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2017_01_18
Manetti Shrem Museum
         

Manetti Shrem Museum

 

SO-IL

 

Florian Idenburg is a founding partner of SO–IL and an associate professor in Practice of Architecture at Harvard’s Graduate School of Design. He is the 2010 laureate of the Charlotte Köhler Prize and a 2014 finalist for the Prix de Rome in the Netherlands.

Jing Liu is a native of China, has been a faculty member at The Graduate School of Architecture, Planning and Preservation at Columbia University since 2009, and advises the Master’s thesis at Parsons School of Design at the New school.

Ilias Papageorgiou was born in Athens, Greece. He holds a Diploma of Architecture from the Aristotle University in Greece, and a Masters in Architecture from Harvard University. Ilias has been with SO–IL since its inception in 2008 and has played a key role in the firm’s recognition and success. He became a partner in 2013.

 

 

Open Fields and the Sensory Experience
Florian Idenburg
(co-principal, SO-IL)+Seunghyun Kang (associate, SO-IL) × SPACE

 

SPACE: The Manetti Shrem Museum is located in an area that is relatively sparsely populated with buildings. While the geographical conditions have provided for the design of a freer relationship with neighbouring buildings, there were few variables imposed by the urban context, which must have presented a challenge to the design of the museum. When embarking on the design of this project, how did you read and respond to the site’s urban context?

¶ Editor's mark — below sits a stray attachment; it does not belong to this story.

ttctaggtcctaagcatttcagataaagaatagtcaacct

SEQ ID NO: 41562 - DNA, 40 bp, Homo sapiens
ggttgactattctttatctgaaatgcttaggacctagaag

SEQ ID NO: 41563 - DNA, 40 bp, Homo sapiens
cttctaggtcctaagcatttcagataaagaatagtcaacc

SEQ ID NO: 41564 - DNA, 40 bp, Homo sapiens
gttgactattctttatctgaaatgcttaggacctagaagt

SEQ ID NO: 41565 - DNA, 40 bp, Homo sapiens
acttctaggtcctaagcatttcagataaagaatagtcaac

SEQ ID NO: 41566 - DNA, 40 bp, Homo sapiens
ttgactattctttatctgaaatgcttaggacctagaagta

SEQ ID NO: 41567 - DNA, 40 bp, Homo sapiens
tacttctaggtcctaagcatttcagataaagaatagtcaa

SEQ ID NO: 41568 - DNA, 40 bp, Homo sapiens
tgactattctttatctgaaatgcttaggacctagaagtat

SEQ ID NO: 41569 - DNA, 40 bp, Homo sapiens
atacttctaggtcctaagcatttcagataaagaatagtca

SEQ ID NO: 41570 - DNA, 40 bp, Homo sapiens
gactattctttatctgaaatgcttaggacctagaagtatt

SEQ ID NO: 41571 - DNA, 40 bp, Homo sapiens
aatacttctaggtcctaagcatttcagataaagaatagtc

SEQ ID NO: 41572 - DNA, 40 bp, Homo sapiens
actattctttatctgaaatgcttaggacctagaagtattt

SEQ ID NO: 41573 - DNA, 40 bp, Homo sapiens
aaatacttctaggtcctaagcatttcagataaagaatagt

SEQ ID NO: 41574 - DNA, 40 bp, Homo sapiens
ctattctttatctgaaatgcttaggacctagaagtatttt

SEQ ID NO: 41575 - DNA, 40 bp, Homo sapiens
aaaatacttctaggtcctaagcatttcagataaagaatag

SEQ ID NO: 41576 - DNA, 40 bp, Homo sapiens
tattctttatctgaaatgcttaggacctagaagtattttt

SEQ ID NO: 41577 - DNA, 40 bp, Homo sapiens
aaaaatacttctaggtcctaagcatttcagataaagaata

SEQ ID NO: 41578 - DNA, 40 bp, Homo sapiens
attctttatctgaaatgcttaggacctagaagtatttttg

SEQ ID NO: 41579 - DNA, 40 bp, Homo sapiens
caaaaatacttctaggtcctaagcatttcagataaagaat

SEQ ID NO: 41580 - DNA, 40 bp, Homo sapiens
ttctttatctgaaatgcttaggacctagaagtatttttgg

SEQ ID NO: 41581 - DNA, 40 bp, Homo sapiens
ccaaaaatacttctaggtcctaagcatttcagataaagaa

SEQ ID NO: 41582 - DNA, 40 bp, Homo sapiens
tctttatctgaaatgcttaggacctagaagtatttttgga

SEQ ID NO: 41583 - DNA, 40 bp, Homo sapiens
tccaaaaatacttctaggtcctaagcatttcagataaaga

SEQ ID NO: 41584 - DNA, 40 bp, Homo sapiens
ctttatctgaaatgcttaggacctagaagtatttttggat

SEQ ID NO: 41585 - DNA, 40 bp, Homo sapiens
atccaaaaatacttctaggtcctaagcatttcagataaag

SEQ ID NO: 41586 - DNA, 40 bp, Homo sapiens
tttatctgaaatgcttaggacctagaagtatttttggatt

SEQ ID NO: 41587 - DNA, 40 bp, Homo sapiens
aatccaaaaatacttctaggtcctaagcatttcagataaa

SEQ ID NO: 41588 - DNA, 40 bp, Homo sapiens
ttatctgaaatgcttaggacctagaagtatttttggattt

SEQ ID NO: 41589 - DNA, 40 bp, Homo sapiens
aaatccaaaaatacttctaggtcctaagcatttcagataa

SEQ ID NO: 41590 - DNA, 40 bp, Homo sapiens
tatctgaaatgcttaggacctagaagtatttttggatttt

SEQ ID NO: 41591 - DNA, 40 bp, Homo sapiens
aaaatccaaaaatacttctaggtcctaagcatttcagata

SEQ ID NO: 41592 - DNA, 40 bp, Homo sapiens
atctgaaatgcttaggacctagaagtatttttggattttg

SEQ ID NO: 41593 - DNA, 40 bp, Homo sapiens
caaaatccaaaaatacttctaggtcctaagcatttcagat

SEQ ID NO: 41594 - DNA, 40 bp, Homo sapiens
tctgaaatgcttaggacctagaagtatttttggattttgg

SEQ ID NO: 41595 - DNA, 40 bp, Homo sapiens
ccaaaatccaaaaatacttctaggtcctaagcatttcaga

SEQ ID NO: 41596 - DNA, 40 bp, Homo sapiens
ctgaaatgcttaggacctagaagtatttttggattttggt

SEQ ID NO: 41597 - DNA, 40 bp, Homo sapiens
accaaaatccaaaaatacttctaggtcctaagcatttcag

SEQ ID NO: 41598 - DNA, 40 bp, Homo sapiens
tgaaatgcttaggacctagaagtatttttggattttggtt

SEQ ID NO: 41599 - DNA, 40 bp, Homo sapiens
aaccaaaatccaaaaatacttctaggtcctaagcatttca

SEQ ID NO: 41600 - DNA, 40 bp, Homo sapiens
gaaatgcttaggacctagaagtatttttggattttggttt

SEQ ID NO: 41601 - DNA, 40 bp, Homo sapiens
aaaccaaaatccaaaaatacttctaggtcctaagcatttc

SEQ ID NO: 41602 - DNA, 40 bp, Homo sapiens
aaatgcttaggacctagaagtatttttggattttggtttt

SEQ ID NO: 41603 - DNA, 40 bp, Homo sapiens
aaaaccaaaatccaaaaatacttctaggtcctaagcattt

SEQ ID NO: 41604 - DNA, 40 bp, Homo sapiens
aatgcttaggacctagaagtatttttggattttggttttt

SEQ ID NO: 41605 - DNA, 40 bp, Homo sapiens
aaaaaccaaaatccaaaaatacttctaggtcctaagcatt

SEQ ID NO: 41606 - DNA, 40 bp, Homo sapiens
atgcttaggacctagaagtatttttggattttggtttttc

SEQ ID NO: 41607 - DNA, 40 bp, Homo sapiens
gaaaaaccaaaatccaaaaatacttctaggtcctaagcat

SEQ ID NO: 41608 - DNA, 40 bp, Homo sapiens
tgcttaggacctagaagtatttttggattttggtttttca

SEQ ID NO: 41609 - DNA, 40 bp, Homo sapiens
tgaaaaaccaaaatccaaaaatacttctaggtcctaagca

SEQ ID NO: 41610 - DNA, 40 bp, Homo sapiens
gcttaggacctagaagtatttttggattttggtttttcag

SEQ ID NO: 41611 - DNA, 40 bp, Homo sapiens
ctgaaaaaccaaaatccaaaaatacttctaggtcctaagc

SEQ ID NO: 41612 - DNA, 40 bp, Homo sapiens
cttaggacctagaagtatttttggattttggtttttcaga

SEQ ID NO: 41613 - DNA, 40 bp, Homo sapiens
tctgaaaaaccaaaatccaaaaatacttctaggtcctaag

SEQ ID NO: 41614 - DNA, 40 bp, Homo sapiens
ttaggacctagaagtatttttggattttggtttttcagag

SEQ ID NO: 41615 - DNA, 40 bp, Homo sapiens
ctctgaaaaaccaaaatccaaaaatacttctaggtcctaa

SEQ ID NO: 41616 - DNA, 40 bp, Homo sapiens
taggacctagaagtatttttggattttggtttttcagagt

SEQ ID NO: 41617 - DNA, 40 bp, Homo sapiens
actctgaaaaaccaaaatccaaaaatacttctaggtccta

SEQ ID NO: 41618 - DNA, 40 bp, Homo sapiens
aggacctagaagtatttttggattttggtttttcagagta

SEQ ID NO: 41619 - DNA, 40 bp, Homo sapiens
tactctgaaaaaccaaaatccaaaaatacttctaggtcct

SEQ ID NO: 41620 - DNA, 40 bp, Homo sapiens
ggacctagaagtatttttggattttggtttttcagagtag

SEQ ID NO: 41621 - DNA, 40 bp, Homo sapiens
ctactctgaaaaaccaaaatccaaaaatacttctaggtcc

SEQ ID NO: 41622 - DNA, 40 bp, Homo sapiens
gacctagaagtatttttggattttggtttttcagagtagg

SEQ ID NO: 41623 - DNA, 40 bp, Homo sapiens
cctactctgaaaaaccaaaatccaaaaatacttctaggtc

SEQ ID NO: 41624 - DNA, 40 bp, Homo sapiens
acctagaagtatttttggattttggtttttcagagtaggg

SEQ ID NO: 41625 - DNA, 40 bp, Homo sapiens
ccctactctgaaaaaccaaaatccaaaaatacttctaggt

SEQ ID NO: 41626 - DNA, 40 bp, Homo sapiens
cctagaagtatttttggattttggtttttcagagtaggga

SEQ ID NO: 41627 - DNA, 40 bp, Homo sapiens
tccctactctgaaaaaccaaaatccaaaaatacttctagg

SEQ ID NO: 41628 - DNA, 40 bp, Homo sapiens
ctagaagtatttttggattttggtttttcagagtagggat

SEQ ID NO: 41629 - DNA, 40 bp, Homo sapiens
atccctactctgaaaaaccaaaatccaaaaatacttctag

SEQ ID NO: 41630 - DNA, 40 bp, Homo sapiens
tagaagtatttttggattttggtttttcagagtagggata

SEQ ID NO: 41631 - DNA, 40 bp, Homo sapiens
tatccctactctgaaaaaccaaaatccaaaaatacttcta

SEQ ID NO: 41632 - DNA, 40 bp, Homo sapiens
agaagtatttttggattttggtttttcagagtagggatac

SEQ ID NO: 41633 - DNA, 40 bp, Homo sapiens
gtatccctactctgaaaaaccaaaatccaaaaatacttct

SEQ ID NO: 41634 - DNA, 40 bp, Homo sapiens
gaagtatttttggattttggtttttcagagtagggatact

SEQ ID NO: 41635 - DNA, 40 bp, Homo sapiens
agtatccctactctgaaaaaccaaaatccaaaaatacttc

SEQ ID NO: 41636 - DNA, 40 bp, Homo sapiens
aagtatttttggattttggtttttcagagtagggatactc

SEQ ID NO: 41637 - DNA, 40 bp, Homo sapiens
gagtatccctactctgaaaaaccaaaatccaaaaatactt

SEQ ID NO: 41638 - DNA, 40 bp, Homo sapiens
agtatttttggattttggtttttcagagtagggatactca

Florian Idenburg+Seunghyun Kang (Idenburg+Kang): The project is situated on the edge of a campus. The heart of student life is elsewhere. In the meantime, this peripheral area is also considered the gateway or entrance to the campus, and as such has a representative character.
We responded to this condition in two ways. The first approach was to treat the site as the continuation of the campus grounds. In order to create a very smooth transition, the site has been made accessible from the centre of campus, with a public exterior space as a connecting path. The canopy acts as a marker of this ‘open field’, a museum that is permeable and accessible. The canopy also marks its presence in the outside world; it rises gently out of the flat fields of the central valley. If you look at the plan in more detail, you will also see lines from the outside of the building, continuing inwards. For instance the art link, in the galleries, is a continuation of the main axis on campus.

 

The project is situated on the edge of a campus. The architect created a very smooth transition, the site has been made accessible from the centre of campus, with a public exterior space as a connecting path.


SPACE: Having worked on a large number of cultural spaces, SO-IL must have accumulated a breadth of understanding related to ‘museum’ programmes. In the case of the Manetti Shrem Museum, the building was designed as a space to display contemporary art. What was the most important/noteworthy factor in the transformation of the museum’s programme into a physical space? First of all, could you comment on the placement of void spaces throughout the building?